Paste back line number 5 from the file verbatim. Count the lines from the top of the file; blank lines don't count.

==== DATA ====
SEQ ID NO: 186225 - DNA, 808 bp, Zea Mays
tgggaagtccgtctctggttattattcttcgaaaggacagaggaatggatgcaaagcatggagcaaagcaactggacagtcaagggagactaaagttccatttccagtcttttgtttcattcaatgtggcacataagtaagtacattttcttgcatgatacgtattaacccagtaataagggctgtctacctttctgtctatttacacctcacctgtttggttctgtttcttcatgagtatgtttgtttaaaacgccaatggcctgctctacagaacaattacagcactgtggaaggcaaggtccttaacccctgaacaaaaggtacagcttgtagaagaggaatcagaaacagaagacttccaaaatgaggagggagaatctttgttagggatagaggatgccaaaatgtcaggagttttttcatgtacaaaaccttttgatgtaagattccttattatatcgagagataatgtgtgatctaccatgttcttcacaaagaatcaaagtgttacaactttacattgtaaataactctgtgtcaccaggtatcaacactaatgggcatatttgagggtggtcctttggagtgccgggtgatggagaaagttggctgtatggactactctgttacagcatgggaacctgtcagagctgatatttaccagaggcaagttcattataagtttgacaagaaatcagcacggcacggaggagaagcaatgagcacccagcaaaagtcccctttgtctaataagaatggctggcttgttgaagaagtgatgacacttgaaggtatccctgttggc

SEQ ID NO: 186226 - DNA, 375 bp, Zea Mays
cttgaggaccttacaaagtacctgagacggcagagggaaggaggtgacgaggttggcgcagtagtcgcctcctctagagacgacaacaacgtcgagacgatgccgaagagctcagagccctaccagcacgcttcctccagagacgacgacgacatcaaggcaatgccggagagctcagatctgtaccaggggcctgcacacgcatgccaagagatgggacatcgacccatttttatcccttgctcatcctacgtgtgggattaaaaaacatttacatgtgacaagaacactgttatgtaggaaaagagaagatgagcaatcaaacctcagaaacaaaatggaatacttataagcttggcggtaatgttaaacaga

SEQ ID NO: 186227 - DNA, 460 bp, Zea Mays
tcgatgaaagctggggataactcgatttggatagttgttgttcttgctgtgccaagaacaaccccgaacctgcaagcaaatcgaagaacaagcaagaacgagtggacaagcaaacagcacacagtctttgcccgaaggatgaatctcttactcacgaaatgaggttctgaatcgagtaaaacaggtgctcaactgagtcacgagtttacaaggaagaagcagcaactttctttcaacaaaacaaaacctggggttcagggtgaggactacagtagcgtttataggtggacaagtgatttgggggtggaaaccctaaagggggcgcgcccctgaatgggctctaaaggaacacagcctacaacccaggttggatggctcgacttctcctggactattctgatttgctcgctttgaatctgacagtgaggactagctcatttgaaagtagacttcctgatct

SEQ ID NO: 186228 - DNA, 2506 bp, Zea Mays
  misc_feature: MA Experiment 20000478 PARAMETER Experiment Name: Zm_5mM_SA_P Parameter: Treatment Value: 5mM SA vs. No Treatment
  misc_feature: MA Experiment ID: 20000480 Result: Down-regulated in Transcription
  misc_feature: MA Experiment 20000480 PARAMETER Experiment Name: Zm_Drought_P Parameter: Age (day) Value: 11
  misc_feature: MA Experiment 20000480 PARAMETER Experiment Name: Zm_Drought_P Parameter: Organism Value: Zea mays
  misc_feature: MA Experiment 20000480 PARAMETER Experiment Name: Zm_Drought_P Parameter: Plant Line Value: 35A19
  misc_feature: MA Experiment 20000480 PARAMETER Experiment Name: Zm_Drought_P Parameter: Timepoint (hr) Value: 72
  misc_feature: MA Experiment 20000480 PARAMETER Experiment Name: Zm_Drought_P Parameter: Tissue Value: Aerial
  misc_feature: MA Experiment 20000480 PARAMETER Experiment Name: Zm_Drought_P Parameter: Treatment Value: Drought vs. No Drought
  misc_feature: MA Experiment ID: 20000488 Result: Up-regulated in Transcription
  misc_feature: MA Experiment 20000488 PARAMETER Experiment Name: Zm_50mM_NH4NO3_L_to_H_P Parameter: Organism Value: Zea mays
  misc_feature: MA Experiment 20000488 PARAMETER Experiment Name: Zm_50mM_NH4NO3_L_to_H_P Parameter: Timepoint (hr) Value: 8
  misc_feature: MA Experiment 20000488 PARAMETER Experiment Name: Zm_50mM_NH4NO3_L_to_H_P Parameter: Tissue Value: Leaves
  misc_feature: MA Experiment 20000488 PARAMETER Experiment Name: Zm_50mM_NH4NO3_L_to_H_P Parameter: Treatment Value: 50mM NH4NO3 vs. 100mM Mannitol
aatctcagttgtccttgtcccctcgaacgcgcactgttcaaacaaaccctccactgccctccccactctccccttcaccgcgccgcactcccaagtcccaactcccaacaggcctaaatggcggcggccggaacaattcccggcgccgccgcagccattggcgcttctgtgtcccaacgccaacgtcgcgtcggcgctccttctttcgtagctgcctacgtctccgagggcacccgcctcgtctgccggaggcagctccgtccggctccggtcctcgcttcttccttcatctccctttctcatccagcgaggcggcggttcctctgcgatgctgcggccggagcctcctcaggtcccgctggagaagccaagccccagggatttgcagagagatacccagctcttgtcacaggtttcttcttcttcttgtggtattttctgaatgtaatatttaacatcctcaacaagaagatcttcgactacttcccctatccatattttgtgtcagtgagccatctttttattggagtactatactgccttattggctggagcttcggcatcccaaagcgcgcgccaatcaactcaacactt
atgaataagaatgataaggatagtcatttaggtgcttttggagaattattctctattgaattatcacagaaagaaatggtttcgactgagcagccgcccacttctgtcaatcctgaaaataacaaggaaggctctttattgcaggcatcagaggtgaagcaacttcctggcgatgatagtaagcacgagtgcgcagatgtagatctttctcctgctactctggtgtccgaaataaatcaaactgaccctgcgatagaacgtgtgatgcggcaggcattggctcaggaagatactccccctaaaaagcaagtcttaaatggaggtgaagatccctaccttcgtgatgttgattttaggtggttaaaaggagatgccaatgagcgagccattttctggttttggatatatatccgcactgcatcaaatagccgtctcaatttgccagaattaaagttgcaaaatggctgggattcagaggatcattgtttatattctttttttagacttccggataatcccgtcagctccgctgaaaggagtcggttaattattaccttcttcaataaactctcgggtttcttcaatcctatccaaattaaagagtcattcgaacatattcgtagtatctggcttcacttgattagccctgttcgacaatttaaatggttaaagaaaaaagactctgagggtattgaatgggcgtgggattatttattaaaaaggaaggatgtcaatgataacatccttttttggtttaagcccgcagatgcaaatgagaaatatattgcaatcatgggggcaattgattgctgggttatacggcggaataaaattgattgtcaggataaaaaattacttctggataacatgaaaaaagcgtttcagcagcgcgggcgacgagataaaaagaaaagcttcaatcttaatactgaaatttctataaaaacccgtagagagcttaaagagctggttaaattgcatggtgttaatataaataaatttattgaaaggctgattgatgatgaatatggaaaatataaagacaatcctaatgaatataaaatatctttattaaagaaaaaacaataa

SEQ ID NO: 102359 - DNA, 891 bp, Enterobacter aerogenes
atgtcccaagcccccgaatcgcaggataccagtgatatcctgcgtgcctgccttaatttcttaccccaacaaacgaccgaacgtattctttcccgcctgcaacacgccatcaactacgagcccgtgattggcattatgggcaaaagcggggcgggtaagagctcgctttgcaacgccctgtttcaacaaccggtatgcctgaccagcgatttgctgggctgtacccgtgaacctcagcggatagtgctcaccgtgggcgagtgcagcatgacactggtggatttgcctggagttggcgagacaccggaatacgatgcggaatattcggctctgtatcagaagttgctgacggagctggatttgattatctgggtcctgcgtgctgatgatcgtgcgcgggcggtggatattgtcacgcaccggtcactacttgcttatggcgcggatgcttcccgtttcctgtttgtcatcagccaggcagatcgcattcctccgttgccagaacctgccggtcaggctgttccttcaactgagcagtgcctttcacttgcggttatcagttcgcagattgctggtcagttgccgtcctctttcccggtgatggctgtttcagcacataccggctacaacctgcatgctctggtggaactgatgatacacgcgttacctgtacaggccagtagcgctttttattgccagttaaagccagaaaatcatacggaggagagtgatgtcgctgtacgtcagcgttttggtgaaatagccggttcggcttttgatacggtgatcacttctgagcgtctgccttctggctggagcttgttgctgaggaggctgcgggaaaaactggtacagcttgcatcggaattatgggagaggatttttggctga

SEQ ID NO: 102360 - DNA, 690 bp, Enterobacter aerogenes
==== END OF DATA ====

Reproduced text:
SEQ ID NO: 186227 - DNA, 460 bp, Zea Mays